The most important clines for marine organisms are formed by temperature and salinity. They separate water layers of different conditions and put constraints on the dispersal of zooplankton species. While stenoecious species are bound to a layer euryoecious can even live under non optimal conditions and enter adjacent strata. The spatial overlap of predators with the zooplankton defines the prey-field. Consequently clines may cause inhomogeneous resource distribution in the water column and affect energy transfer within the food web.The hydrography of the central Baltic Sea is characterised by a permanent halocline in approximately 60m depth and a summer thermocline which separates the winter water from the warm surface layer. While the brackish water above the halocline is permanently renewed, the haline waters often face long stagnation before they are replaced during inflow events from the North Sea. To analyse the vertical zooplankton composition in relation to the hydrography of the Bornholm Basin we used a GLOBEC-Germany time series of vertically stacked multinet samples. It covers the period between March 2002 and May 2003 in the Bornholm Basin and includes data from an inflow event.By means of multivariate discriminant function and canonical analysis we show a vertical zonation of the composition in the water column. In this mathematical analysis species contribute with different loadings to distinguish between samples. Three dominant distribution patterns are found:(1) Species inhabiting the warm summer surface layer above the thermocline.(2) Species inhabiting the layer of the winter water, which is temporarily constrained in volume when the thermocline develops.(3) Species inhabiting water masses below the halocline.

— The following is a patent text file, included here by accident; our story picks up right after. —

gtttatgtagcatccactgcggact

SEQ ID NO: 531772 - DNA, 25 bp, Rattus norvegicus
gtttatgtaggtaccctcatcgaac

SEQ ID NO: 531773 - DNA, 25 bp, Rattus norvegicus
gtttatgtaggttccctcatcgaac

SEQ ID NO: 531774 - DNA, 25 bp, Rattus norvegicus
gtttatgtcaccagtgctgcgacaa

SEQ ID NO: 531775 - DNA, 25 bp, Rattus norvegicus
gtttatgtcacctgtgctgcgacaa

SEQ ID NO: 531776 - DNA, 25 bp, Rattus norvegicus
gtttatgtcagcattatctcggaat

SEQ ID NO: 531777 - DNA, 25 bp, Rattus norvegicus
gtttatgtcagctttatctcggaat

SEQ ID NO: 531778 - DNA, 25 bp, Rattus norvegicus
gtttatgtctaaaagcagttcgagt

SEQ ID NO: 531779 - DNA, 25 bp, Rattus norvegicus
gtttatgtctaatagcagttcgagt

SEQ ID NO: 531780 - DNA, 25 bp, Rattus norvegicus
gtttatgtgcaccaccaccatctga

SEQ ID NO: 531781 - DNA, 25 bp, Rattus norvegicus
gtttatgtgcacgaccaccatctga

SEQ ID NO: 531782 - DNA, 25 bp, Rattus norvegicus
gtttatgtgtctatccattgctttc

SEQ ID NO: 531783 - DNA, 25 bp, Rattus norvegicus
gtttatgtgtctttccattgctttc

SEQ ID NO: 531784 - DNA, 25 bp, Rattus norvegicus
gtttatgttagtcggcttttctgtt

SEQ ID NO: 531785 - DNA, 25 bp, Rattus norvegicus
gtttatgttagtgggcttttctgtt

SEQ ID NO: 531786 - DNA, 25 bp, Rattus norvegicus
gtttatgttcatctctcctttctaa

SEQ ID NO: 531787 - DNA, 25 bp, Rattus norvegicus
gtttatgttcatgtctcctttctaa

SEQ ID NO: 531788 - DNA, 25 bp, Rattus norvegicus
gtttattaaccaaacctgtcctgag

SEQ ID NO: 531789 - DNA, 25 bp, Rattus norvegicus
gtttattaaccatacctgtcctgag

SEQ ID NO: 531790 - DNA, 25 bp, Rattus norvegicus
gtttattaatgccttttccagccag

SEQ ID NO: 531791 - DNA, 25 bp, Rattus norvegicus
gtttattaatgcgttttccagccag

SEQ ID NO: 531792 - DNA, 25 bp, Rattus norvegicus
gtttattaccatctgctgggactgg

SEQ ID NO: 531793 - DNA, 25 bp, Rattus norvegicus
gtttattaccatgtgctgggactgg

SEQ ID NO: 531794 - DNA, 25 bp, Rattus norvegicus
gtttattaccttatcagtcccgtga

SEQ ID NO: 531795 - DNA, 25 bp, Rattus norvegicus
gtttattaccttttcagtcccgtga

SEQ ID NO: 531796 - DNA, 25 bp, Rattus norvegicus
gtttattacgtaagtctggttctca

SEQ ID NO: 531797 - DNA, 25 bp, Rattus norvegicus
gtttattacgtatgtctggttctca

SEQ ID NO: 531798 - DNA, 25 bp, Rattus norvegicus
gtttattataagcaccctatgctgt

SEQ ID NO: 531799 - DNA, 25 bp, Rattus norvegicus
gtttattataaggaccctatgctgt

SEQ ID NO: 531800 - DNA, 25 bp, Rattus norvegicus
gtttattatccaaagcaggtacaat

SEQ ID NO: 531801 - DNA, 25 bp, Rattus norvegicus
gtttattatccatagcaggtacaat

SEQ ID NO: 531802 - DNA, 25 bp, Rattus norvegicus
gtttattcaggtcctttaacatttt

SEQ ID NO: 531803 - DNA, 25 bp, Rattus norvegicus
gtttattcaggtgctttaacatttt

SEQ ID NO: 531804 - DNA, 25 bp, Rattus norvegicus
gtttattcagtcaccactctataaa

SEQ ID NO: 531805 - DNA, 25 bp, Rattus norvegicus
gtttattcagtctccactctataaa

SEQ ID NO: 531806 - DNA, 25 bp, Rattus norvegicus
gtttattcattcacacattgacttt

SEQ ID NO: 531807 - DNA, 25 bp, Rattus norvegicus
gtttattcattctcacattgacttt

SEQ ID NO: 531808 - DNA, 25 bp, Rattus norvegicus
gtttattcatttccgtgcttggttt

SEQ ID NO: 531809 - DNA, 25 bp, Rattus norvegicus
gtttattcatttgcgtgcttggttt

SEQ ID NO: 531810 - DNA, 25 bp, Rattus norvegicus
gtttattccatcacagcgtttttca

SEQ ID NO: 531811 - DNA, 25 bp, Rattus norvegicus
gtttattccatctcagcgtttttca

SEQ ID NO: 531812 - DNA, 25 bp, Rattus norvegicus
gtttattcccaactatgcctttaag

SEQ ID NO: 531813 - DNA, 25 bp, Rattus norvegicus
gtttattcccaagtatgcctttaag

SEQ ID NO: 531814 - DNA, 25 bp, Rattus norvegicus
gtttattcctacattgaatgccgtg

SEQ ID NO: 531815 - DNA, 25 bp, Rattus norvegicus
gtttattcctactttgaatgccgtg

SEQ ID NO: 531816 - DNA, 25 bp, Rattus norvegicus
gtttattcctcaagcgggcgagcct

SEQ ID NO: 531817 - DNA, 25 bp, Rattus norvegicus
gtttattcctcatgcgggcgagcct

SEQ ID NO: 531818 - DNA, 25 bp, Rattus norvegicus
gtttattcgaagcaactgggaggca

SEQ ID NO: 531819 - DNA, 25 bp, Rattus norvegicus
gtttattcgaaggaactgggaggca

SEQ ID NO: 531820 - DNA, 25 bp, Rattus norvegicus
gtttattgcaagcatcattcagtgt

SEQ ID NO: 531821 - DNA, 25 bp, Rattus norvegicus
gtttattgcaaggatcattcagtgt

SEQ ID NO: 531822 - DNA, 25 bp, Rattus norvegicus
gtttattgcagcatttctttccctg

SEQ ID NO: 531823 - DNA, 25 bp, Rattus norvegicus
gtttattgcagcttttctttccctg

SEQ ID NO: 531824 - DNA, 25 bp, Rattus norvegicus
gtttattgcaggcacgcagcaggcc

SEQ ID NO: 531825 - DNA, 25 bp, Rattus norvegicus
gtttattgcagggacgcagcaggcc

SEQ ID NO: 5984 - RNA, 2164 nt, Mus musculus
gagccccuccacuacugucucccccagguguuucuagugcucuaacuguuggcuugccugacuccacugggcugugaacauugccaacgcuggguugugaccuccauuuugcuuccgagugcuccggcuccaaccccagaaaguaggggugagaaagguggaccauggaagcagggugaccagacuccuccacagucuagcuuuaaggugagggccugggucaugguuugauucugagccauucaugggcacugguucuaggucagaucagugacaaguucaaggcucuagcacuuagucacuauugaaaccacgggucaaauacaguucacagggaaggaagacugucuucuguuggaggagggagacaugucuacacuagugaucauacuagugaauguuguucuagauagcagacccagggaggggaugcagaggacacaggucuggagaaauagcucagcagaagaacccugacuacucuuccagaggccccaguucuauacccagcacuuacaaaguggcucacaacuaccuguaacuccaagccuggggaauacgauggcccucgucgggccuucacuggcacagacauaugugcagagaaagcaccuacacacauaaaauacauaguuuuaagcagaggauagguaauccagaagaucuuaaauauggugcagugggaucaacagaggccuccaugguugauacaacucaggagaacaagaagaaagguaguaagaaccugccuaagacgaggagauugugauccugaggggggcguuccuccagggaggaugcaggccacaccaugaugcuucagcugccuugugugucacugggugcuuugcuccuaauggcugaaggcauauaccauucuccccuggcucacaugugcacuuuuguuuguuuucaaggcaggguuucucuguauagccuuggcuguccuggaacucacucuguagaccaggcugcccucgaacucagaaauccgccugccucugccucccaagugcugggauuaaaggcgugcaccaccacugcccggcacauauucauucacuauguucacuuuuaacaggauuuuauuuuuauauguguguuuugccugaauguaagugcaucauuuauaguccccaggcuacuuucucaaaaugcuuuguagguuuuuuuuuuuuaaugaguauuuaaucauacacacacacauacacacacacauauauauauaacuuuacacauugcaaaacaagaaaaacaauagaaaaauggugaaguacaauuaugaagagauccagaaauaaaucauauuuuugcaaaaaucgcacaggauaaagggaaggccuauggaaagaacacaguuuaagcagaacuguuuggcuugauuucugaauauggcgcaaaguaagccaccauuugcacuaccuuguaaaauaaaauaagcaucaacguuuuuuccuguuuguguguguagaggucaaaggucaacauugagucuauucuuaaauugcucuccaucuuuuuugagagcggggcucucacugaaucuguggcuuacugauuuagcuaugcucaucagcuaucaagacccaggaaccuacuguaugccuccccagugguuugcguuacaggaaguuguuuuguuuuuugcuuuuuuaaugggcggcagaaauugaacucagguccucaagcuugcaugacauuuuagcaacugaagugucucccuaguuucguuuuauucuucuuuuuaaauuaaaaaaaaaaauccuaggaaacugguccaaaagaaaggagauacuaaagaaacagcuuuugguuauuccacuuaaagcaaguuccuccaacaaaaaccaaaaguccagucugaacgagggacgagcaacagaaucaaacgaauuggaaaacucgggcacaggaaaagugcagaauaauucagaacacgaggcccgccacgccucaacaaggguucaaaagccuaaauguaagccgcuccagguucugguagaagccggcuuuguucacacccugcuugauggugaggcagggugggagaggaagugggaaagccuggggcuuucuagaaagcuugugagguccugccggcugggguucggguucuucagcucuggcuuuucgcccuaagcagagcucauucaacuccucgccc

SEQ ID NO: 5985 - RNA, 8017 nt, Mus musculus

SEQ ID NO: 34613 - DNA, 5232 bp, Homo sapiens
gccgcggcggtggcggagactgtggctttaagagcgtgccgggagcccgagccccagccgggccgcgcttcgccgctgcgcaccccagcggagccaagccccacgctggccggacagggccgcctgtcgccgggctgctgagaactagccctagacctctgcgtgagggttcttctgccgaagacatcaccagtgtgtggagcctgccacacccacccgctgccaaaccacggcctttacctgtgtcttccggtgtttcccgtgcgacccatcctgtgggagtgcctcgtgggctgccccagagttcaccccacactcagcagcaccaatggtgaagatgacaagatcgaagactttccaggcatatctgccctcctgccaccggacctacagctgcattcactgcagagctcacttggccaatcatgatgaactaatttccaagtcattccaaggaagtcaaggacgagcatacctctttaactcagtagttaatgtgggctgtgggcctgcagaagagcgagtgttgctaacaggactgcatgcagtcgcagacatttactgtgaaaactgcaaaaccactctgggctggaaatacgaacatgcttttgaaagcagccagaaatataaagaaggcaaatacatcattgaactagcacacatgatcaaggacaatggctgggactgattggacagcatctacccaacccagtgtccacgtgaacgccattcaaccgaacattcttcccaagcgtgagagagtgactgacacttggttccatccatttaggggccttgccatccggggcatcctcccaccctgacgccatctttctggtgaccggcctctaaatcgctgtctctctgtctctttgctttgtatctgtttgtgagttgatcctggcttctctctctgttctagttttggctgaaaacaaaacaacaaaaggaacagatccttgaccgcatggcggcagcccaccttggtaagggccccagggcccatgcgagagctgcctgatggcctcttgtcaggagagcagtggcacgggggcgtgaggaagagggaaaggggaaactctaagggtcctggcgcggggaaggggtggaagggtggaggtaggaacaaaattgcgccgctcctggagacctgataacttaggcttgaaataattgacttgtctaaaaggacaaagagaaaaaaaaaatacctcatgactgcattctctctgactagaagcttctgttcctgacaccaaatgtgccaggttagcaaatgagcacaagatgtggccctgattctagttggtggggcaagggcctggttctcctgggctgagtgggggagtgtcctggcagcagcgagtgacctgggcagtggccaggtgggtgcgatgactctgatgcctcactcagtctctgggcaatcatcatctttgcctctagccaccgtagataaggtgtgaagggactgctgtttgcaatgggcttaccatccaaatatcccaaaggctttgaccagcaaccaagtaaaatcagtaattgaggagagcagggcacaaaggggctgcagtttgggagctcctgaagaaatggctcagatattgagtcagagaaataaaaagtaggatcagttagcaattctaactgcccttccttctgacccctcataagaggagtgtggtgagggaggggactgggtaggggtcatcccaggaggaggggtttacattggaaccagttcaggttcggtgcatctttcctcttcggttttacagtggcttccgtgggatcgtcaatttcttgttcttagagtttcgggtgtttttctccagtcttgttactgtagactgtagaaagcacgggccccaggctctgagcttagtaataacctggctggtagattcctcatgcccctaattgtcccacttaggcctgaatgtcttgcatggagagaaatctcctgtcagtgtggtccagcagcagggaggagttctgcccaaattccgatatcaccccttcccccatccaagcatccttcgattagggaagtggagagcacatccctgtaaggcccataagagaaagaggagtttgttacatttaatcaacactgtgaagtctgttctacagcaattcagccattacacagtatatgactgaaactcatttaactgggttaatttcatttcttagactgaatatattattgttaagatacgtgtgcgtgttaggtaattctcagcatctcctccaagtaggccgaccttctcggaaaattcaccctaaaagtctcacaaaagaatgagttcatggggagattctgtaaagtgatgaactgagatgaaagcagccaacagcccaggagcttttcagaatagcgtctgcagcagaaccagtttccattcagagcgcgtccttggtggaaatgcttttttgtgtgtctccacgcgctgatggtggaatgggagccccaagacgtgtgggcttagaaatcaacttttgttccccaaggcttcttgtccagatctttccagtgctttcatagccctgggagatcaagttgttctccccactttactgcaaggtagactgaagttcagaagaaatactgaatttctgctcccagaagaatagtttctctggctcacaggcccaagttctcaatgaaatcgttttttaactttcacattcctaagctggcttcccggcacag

Helmholtz Research Programs > MARCOPOLI (2004-2008) > CO2-Coastal diversity - key species and food webs
Helmholtz Research Programs > MARCOPOLI (2004-2008) > CO4-Observation and information for coastal management